Wis. Says It Needs $760M For Medicaid Over Next Two Years
The state was already projected to have a budget gap of $1.8 billion. Elsewhere, North Carolina plans a Medicaid reorganization.
The Associated Press: Wisconsin Needs $760M More For Medicaid
The state Department of Health Services says it needs $760 million more over the next two-year state budget to pay for current services in the Medicaid program. The new estimate was included in the agency's budget request submitted to Gov. Scott Walker's administration made public Tuesday. That budget begins in mid-2015. The governor will submit a budget proposal to the Legislature early next year. The state is already projected to have a nearly $1.8 billion shortfall heading into the next budget, without taking into account new expenses like the additional request for Medicaid (9/16).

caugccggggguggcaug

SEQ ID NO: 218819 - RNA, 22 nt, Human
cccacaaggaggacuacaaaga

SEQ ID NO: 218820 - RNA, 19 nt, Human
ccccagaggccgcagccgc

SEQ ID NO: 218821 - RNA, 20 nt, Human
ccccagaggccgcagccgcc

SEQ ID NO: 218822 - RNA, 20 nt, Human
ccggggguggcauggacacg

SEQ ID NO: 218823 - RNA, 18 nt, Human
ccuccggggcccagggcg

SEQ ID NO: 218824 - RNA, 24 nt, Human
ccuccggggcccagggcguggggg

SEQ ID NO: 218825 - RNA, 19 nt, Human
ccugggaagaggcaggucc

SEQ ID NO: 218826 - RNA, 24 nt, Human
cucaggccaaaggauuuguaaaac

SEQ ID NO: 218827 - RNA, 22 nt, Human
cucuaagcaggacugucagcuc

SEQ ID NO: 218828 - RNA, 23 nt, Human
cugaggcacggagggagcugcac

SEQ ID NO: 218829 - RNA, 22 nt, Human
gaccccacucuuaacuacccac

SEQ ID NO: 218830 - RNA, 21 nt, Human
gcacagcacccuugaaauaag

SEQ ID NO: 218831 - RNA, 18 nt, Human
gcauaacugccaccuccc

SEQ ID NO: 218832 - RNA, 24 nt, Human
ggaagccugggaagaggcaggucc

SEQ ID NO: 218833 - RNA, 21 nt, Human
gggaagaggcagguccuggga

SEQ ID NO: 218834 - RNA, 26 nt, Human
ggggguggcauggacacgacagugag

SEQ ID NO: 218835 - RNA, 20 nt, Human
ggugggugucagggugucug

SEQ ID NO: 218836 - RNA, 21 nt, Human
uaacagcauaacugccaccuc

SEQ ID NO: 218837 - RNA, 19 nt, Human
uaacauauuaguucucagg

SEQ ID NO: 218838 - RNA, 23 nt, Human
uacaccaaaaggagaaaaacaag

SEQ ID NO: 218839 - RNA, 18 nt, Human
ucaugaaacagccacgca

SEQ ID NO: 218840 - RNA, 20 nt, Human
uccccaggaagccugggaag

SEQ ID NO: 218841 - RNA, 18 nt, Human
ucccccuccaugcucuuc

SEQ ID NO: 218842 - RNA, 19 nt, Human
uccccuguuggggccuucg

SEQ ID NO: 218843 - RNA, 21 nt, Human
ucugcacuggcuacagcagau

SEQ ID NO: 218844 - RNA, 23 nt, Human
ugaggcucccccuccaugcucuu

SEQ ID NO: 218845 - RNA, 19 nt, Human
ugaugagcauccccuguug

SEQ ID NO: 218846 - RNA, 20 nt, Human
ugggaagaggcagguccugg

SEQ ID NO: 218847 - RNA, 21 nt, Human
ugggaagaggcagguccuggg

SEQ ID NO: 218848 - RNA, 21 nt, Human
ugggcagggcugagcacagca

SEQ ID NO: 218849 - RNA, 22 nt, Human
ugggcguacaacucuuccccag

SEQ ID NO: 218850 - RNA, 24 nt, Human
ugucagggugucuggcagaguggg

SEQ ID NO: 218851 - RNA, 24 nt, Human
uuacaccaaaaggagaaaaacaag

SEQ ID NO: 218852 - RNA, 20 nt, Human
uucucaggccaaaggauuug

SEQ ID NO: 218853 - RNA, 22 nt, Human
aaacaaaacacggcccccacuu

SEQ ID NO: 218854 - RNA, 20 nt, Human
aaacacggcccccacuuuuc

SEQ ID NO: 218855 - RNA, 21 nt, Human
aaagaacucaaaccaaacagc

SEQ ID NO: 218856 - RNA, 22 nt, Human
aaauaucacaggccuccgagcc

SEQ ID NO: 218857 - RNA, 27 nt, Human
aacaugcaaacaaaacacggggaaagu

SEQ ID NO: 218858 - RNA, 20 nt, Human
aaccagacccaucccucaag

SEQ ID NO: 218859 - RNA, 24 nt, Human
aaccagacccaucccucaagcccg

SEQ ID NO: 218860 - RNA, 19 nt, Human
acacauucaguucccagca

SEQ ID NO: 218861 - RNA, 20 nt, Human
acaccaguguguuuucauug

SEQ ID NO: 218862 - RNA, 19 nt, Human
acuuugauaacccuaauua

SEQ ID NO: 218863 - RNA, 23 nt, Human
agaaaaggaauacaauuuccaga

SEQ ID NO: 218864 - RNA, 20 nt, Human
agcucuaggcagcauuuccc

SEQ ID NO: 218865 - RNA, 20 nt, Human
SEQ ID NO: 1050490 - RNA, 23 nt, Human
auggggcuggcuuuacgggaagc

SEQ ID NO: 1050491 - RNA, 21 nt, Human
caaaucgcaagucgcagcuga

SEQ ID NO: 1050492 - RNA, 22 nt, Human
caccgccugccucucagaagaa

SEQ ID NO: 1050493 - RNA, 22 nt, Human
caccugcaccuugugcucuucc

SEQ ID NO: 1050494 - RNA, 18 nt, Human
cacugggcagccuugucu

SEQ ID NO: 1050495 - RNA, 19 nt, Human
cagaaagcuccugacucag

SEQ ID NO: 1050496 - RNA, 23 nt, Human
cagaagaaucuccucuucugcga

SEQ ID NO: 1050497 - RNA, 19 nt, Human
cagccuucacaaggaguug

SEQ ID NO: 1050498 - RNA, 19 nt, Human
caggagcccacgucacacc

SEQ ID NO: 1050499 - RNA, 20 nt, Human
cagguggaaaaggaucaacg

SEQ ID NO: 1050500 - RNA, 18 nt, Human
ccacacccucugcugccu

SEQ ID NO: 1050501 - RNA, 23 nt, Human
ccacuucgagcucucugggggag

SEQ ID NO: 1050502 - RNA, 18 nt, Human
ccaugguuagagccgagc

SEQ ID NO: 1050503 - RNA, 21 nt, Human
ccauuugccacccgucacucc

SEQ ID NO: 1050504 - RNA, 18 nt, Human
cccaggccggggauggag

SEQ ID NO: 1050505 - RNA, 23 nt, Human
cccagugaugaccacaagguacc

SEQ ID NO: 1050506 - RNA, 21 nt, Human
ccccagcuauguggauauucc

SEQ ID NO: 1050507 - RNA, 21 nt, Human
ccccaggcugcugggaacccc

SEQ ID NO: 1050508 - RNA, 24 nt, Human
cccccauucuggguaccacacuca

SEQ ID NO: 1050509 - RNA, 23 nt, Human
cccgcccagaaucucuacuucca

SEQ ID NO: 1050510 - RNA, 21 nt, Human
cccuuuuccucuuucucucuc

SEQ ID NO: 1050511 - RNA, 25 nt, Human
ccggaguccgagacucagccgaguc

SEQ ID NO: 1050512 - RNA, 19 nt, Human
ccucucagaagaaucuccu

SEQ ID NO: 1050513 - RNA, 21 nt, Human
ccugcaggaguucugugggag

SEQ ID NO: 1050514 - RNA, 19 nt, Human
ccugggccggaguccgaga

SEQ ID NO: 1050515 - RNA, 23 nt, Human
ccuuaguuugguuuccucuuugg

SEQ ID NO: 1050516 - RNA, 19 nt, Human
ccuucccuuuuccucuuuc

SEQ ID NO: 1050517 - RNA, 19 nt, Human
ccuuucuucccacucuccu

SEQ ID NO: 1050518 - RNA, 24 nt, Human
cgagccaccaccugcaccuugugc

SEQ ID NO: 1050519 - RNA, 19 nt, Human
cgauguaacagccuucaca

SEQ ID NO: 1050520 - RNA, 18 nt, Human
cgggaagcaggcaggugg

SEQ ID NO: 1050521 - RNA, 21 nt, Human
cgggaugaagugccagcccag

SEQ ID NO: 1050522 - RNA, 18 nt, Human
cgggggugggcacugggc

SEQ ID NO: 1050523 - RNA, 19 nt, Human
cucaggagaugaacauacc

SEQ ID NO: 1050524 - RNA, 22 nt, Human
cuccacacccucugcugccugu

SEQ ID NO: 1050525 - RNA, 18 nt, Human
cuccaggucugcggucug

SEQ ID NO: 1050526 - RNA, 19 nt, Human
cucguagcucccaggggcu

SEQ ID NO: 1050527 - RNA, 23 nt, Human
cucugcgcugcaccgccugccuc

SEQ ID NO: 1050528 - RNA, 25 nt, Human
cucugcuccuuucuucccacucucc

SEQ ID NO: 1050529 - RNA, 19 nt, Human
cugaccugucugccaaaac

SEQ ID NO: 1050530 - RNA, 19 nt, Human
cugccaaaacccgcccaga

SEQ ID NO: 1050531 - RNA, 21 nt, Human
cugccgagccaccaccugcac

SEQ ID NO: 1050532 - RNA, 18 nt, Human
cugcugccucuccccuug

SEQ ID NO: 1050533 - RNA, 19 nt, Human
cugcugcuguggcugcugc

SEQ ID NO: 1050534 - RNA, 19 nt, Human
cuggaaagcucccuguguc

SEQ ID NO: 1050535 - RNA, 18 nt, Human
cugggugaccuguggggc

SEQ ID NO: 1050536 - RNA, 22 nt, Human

Milwaukee Journal-Sentinel: State Needs $760 Million More For Health Care Over Next Two Years
State taxpayers will need to round up $760 million more to pay for health care for the needy over the next two years, according to a projection by Gov. Scott Walker's administration. The report by the state Department of Health Services calculates the effects of inflation in programs such as medical care for families and nursing home and in-home care for the elderly. Part of the added cost to state taxpayers for these Medicaid programs also comes from automatic decreases in federal aid that are being triggered because of Wisconsin's improving economy (Stein and Marley, 9/16).
Raleigh News & Observer: State Medicaid Office Rolls Out Reorganization Plan
Employees in the state Medicaid office got a look at a new reorganization plan Tuesday that includes more sections and more specialized units. Rather than two sections -- finance and operations, reporting to the Medicaid director -- there will be five, with compliance and oversight, clinical, business information added. Additionally, the plan calls for a new three-person strategy team reporting to the Medicaid director (Bonner, 9/16).